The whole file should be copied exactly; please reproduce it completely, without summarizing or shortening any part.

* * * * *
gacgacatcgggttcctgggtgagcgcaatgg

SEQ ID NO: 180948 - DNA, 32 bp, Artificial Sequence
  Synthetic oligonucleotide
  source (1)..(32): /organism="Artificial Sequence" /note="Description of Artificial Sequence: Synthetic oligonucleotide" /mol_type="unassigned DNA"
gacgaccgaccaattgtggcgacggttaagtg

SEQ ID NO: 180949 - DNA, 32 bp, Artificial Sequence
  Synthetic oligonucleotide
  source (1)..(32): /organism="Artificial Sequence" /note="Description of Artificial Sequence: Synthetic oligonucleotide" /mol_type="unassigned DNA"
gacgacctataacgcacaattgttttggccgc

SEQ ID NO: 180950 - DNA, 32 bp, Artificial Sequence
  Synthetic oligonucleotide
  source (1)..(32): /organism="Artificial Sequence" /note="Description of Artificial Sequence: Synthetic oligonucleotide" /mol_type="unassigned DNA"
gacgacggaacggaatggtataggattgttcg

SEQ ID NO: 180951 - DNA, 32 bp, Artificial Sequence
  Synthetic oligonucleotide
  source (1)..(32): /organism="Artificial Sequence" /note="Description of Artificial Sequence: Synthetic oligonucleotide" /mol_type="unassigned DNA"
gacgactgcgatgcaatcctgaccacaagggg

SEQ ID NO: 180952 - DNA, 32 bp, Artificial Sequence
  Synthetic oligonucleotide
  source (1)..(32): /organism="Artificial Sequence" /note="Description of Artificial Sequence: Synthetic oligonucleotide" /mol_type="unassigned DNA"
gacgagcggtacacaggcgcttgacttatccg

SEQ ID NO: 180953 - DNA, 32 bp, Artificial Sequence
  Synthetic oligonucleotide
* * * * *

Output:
gacgacatcgggttcctgggtgagcgcaatgg

SEQ ID NO: 180948 - DNA, 32 bp, Artificial Sequence
  Synthetic oligonucleotide
  source (1)..(32): /organism="Artificial Sequence" /note="Description of Artificial Sequence: Synthetic oligonucleotide" /mol_type="unassigned DNA"
gacgaccgaccaattgtggcgacggttaagtg

SEQ ID NO: 180949 - DNA, 32 bp, Artificial Sequence
  Synthetic oligonucleotide
  source (1)..(32): /organism="Artificial Sequence" /note="Description of Artificial Sequence: Synthetic oligonucleotide" /mol_type="unassigned DNA"
gacgacctataacgcacaattgttttggccgc

SEQ ID NO: 180950 - DNA, 32 bp, Artificial Sequence
  Synthetic oligonucleotide
  source (1)..(32): /organism="Artificial Sequence" /note="Description of Artificial Sequence: Synthetic oligonucleotide" /mol_type="unassigned DNA"
gacgacggaacggaatggtataggattgttcg

SEQ ID NO: 180951 - DNA, 32 bp, Artificial Sequence
  Synthetic oligonucleotide
  source (1)..(32): /organism="Artificial Sequence" /note="Description of Artificial Sequence: Synthetic oligonucleotide" /mol_type="unassigned DNA"
gacgactgcgatgcaatcctgaccacaagggg

SEQ ID NO: 180952 - DNA, 32 bp, Artificial Sequence
  Synthetic oligonucleotide
  source (1)..(32): /organism="Artificial Sequence" /note="Description of Artificial Sequence: Synthetic oligonucleotide" /mol_type="unassigned DNA"
gacgagcggtacacaggcgcttgacttatccg

SEQ ID NO: 180953 - DNA, 32 bp, Artificial Sequence
  Synthetic oligonucleotide